Royal College of Surgeons in Ireland Coláiste Ríoga na Máinleá in Éirinn

Mark Pollock, Explorer & Collaboration Catalyst to Receive RCSI Honorary Doctorate Degree

03 June 2015

Mark Pollock, explorer, adventurer and collaboration catalyst will be awarded an honorary doctorate degree from RCSI (Royal College of Surgeons in Ireland) at the School of Medicine conferring ceremony on Thursday 4th June 2015 in the RDS. At the ceremony he will give a talk on "Exploring Possibilities" based on his life's experience.
 

A County Down adventure athlete, Mark was the first blind person to race to the South Pole. After losing his sight due to a detached retina in 1998 when he was 22, Mark was not going to let his blindness push him off course from his ultra-active and adventurous path. Within a decade of losing his sight, he completed six marathons in seven days in the Gobi desert, won medals at the Commonwealth Games, completed Ironman events, and was part of a team race to the South Pole.

In 2010, four weeks before he was due to marry his finance Simone George, Mark fell from a second-storey window onto concrete and damaged his spinal cord. Left paralysed, he spent 16 months in hospital. Instead of crumbling under the double burden of blindness and paralysis, Mark confronted his spinal-cord injury with characteristic grit and resolve, and with the help of new technology he is exploring the frontiers of spinal injury recovery.

Through the Mark Pollock Trust, he is on a mission to find and connect people around the world to fast track a cure for paralysis. He is working with neuroscientists from UCLA, the Pavlov Institute, in St Petersburg, and the Frazier Rehab Institute, in Kentucky, and is now the world's principal test pilot for Esko Robotic Legs. This cutting-edge research uses robotic implants and attachments to communicate messages to the brain that were formerly transmitted by the now-damaged spinal cord.

He is still in a wheelchair, despite four years of work, including taking 300,000 steps over a two-year period, every single one recorded by his robotic legs and sent in real time for analysis. He is neither deluded nor defeated about the reality of his injury. "There is no cure for spinal-cord injury," he says. "So I have acceptance, on one hand, and hope, on the other. Acceptance that the likelihood of getting out of the wheelchair is almost zero, but hope that the robotics and electrical stimulation of the spine give us enough data to proceed with the research," he said.

Professor Hannah McGee, Dean of the Faculty of Medicine and Health Sciences, RCSI said ‘It is with great honour that we present Mark with an RCSI honorary doctorate. Mark was chosen to receive the honorary doctorate because of his sheer determination and refusal to give up in the face of such daunting physical challenges, spinal-cord injury and paralysis together with his commitment and perseverance in pioneering medical progress with scientific collaboration. He has led an extraordinary life and will be an inspiration to our graduands on their graduation day as they embark on their careers and choose to make a difference in the world with their talents and education, just as he is doing."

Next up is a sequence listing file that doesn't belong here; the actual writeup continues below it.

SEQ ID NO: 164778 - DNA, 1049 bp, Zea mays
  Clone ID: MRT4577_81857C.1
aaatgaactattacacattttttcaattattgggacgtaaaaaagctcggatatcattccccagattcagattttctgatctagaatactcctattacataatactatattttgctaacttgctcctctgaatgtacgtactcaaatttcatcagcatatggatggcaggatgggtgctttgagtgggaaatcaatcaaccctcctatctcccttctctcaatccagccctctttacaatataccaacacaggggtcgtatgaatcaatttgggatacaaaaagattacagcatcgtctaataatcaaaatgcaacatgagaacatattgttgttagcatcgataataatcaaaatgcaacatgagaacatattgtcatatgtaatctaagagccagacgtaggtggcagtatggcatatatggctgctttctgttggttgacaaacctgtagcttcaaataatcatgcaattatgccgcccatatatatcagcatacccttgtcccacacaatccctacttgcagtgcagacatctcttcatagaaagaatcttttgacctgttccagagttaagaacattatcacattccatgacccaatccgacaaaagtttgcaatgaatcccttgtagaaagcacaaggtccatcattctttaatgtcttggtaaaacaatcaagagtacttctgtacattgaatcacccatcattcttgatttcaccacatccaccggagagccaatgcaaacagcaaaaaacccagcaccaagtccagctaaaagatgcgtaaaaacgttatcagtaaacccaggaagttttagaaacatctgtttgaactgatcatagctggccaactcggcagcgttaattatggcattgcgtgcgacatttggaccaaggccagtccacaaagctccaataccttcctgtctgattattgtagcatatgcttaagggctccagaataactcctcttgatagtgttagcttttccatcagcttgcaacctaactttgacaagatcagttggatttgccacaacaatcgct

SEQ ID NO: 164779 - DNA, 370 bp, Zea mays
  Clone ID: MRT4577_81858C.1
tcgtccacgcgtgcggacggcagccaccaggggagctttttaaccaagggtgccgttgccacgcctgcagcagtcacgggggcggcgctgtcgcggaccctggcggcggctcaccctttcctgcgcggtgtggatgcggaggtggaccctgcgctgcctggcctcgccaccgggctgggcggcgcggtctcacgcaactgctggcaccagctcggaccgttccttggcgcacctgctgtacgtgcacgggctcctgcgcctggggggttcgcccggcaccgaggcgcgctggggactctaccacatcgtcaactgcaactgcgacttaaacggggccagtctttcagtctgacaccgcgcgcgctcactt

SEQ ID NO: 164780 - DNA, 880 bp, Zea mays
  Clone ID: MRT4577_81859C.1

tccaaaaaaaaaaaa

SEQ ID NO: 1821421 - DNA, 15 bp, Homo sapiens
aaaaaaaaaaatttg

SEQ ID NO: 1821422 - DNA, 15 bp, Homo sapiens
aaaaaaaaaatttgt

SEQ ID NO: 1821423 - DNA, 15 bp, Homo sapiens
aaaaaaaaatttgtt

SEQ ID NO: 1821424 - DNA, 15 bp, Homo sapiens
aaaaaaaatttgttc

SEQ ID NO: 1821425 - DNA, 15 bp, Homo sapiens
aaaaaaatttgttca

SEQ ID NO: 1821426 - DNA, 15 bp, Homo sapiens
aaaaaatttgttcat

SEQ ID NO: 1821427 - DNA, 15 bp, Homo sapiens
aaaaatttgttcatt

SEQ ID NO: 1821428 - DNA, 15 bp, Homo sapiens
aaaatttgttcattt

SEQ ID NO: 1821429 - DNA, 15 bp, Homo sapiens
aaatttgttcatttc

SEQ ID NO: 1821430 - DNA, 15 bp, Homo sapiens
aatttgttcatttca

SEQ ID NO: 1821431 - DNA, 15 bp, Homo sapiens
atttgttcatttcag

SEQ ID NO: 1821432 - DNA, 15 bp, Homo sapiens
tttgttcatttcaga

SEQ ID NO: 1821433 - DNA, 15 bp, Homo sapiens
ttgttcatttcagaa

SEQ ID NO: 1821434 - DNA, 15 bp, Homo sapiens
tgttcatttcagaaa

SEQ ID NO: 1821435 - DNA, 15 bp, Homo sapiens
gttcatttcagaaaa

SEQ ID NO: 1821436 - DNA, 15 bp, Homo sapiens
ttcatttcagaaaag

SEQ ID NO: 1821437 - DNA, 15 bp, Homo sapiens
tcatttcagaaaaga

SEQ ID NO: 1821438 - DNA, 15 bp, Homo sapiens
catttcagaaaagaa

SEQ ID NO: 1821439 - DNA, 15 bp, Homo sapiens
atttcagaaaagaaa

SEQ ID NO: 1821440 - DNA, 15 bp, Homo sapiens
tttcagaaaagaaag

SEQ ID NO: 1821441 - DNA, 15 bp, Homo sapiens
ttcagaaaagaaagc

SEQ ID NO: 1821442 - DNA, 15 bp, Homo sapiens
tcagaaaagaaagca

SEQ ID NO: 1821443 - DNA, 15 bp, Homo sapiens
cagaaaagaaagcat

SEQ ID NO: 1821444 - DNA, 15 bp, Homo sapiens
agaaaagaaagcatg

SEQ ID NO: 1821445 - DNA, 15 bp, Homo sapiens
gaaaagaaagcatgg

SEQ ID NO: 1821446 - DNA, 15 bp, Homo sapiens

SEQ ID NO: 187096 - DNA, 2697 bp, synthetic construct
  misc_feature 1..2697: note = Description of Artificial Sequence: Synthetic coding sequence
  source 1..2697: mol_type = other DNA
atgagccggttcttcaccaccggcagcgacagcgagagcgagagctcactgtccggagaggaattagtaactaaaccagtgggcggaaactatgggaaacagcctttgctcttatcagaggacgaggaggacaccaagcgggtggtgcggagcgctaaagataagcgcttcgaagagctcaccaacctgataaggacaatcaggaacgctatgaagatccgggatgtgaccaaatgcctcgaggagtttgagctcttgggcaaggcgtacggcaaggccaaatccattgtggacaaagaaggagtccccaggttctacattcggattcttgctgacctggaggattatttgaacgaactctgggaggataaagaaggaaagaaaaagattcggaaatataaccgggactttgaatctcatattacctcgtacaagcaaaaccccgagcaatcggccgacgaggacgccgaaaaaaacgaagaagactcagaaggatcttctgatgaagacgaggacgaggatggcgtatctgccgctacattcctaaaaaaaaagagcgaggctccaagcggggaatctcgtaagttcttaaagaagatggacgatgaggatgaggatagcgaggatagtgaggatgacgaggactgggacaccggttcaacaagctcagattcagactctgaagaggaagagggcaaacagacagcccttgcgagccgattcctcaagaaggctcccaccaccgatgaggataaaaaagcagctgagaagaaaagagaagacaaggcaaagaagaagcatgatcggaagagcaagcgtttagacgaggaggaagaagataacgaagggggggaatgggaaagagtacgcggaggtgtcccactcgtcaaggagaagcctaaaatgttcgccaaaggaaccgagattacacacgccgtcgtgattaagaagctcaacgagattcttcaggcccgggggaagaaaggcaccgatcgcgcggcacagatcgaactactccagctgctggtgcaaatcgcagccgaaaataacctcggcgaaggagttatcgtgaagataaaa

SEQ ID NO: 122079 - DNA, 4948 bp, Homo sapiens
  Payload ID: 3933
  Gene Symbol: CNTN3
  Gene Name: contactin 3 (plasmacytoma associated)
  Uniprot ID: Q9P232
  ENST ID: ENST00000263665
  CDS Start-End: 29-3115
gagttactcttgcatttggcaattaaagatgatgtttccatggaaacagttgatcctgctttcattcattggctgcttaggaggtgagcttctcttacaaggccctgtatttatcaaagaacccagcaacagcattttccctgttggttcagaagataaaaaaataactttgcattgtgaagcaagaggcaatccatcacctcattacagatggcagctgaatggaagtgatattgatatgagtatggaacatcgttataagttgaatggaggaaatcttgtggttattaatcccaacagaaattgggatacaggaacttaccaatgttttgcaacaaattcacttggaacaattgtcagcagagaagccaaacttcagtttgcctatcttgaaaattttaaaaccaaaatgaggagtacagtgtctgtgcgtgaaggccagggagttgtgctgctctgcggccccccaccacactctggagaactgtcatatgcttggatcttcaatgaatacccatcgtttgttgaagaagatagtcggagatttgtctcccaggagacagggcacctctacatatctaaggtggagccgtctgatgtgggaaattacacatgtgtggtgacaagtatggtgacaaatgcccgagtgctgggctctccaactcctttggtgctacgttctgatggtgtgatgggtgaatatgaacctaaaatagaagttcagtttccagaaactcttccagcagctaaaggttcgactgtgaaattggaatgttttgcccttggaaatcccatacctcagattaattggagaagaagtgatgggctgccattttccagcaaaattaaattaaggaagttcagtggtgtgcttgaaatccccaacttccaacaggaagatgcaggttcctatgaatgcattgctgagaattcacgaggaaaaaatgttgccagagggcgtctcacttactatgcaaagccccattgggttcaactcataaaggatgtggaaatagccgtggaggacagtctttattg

Mark was selected by the World Economic Forum as a Young Global Leader. He is on the Board of the Christopher and Dana Reeve Foundation and is a Wings for Life Ambassador. He is the subject of an acclaimed IFTA nominated documentary Unbreakable, is a TEDx Hollywood Speaker and co-founder of the global running series ‘Run in the Dark'.

In 2010 RCSI was granted independent degree awarding status by the State which enabled the College to award degrees alongside its traditional powers to award licentiates. Previous recipients of the RCSI honorary doctorate are Mary McAleese, former President of Ireland; Professor Fr. Michael Kelly, Jesuit and internationally renowned expert on HIV / AIDS; the Rt Hon Professor the Lord Darzi of Denham KBE and Professor Abraham C. Verghese, physician and best-selling author.

RCSI is among the top 50 most international universities in the world (Times Higher Education University World Rankings, 2014-15). It is a not-for-profit health sciences institution focused on education and research to drive positive change in all areas of human health worldwide. RCSI is headquartered in Dublin and is a recognised College of the National University of Ireland. 
 
Mark Pollock's speech at the Conferring ceremony will be available to watch via live link on the RCSI website www.rcsi.ie from 4pm (Irish Standard Time).